Photo: Hopsewee (Thomas Lynch, Jr. Birthplace), ca. 1735, 494 Hopsewee Road, Georgetown, SC. Listed on the National Register of Historic Places in 1971. Photographed by User:Jerrye & Roy Klotz MD (own work), 1971, [cc-by-3.0 (creativecommons.org/licenses/by/3.0)], via Wikimedia Commons, accessed December, 2013.
Georgetown City Hall is located at 120 North Fraser Street, Georgetown, SC 29440.
Georgetown has evidence of Spanish settlement as early as the 1520s but was not laid out as a city until 1729. In 1735 Georgetown was conveyed to three trustees. A plan of the city was attached to the deed and was the first plan to be preserved. Included in the plan were 174-1/2 acres for the town and 100 acres for a commons. The town acreage was divided into blocks by five streets running at right angles to the river.
Much physical evidence of the past remains. The oldest existing structure in Georgetown is a dwelling which dates from ca. 1737.
Third oldest city in South Carolina, Georgetown is significant historically, militarily, agriculturally and architecturally.
During the American Revolution, Georgetown was captured by the British, July 1, 1780, and recaptured by General Francis Marion in May 1781. Between November 1781 and December 1782, the city became the vital port of entry for supplies from Philadelphia performing an invaluable service for Greene in the last phase of his campaign.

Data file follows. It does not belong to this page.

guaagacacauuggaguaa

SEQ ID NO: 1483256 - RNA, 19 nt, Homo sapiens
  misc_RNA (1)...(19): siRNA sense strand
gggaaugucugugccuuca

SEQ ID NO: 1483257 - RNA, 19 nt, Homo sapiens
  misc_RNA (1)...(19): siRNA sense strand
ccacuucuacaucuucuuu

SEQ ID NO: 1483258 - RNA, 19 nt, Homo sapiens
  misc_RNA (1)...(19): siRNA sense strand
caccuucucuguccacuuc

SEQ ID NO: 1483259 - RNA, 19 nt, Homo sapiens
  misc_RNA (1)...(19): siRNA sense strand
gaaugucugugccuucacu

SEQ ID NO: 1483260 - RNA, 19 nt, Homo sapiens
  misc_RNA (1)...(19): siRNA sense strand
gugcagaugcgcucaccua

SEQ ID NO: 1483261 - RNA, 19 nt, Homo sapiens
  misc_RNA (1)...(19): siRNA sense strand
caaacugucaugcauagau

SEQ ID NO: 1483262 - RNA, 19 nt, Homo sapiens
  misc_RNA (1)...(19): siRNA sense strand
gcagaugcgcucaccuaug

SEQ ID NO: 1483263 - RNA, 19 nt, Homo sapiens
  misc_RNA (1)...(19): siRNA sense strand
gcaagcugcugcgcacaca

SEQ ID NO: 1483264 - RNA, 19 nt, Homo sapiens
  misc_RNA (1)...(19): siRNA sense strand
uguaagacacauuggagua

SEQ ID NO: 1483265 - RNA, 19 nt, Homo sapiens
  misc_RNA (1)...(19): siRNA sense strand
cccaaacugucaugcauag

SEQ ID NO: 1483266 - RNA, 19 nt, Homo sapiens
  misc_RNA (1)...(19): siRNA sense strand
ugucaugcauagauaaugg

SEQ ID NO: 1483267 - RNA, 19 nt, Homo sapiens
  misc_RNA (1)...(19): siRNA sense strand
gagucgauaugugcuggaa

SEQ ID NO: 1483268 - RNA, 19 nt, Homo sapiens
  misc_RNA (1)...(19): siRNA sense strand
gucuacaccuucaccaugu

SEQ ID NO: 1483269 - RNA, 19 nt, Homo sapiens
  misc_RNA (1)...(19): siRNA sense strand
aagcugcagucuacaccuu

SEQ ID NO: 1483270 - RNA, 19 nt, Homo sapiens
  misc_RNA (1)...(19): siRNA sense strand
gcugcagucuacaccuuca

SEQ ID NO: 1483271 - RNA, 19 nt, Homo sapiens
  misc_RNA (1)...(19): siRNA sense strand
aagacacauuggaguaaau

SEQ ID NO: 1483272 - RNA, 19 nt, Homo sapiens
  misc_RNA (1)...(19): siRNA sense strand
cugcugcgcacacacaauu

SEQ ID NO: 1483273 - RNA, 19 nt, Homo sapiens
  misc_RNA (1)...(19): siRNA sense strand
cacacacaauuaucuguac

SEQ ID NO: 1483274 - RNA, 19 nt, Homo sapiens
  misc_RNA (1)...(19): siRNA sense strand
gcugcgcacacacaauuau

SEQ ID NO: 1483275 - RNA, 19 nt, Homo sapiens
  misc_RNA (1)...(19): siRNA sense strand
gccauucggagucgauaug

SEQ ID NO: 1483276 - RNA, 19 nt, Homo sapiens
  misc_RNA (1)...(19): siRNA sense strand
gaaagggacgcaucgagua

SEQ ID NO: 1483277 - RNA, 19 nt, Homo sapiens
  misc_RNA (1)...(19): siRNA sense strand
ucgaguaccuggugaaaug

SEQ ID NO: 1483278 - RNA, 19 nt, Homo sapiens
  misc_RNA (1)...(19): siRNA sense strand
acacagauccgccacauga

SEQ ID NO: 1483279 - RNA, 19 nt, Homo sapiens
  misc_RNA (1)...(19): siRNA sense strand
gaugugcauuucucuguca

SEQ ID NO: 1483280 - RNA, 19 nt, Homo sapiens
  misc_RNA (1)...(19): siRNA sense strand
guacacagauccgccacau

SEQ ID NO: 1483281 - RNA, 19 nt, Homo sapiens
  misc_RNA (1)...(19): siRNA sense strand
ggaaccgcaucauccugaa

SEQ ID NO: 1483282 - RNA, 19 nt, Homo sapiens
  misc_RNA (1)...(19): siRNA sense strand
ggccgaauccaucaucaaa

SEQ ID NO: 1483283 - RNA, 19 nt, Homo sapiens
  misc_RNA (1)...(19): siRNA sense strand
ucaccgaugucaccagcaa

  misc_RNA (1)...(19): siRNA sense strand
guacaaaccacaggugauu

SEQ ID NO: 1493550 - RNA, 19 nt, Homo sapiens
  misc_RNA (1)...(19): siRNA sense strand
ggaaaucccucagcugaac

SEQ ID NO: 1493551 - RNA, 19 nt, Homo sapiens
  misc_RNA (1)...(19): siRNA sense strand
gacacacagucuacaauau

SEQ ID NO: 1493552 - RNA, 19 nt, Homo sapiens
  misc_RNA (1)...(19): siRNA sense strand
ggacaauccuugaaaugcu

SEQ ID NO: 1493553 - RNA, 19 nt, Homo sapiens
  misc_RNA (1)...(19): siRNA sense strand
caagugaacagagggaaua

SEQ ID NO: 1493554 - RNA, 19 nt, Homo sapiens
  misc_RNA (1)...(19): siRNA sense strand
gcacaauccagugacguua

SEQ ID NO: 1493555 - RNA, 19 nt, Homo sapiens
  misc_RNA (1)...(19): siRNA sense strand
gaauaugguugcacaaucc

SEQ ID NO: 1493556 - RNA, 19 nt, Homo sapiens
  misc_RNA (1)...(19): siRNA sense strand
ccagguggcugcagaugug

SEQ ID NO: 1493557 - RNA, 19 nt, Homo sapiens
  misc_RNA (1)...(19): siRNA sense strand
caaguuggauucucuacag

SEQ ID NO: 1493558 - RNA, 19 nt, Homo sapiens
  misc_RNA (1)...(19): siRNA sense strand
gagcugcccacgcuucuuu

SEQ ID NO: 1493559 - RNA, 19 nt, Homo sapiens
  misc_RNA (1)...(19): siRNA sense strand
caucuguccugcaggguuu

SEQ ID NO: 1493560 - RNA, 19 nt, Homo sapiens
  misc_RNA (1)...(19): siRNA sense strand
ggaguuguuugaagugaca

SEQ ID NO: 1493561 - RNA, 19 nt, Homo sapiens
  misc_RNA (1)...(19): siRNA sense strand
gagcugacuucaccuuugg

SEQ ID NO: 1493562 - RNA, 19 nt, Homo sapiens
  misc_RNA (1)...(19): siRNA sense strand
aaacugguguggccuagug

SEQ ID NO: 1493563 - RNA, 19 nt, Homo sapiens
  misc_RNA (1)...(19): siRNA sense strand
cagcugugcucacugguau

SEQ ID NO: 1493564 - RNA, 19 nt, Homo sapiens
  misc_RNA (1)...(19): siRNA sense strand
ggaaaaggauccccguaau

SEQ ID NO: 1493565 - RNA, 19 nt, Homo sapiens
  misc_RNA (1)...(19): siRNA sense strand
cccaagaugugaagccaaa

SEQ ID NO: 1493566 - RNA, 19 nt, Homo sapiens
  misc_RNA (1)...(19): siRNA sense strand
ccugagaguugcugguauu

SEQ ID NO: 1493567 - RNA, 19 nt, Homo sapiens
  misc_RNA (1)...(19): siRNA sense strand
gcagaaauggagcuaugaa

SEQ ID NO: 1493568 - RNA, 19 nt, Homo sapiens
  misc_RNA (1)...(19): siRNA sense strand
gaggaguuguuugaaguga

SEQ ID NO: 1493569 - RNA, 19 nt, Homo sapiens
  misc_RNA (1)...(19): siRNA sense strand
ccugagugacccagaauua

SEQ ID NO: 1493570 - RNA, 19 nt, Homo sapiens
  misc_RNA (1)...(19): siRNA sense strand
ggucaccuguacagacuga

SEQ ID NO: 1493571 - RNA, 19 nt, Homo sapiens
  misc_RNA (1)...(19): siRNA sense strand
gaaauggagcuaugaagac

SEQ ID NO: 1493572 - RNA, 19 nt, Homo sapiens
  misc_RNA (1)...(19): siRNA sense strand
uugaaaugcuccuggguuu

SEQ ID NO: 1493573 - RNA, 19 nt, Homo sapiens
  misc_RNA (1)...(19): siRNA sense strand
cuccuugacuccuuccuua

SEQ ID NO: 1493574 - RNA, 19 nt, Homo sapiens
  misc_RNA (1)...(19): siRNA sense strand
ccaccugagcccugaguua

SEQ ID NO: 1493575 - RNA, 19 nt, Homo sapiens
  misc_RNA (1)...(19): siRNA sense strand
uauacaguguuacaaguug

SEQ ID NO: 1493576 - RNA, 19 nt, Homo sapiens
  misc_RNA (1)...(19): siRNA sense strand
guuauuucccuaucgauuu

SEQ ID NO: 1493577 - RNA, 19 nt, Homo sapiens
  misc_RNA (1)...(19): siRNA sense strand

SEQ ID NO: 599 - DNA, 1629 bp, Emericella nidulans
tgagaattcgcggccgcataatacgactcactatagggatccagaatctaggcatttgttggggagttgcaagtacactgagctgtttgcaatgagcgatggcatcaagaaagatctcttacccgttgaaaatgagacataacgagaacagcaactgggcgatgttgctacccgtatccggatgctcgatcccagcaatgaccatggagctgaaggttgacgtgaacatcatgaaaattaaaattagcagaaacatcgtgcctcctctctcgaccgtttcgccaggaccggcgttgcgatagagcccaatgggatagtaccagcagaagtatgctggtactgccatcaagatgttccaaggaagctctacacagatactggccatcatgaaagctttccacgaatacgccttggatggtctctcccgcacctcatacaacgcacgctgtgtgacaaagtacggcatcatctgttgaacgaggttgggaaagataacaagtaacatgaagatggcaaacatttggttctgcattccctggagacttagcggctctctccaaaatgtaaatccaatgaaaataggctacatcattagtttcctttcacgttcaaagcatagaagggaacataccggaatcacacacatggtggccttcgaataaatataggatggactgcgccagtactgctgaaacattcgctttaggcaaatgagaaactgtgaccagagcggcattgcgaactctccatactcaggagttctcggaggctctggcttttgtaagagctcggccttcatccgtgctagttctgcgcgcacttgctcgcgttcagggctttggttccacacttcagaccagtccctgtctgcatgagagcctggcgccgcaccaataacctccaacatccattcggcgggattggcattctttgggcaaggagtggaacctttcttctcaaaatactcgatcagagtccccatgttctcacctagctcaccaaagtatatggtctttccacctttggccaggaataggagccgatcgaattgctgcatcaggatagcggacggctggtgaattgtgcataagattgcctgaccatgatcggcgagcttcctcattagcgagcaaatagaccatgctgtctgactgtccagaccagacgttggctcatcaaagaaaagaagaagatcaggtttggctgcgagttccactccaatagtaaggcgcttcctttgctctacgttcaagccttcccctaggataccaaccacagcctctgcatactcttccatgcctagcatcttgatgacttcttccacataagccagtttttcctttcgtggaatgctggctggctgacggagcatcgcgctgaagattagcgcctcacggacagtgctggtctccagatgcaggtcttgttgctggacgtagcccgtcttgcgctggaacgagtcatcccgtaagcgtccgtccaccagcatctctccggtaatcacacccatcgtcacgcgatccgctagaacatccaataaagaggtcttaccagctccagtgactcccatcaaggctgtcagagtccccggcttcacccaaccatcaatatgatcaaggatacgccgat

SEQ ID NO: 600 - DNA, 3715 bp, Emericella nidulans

During the Confederate War, the Union blockade of Georgetown was effective due to close proximity of the coaling, refitting and supply station at Union-held Port Royal. The Federal fleet in Winyah Bay lured many slaves away but showed restraint in burning only buildings used for military purposes. On February 25, 1865, Union naval forces occupied Georgetown and converted the Winyah Indigo Society Building into a Union hospital.
Agriculturally, Georgetown was representative of a community based almost entirely on the production of two staple crops, indigo and rice. Rice, however, was the dominating crop, and it is likely that no other area in the United States has been as dependent for so long a period of time on this crop. At the peak of its rice culture (ca. 1850), Georgetown was the largest exporter of rice in the world.
Education, travel and long visits to their Charleston mansions set the rice planters' families apart from the rest of the people of the district. The planters' children were educated at home by tutors and often went abroad or to northern schools for university work.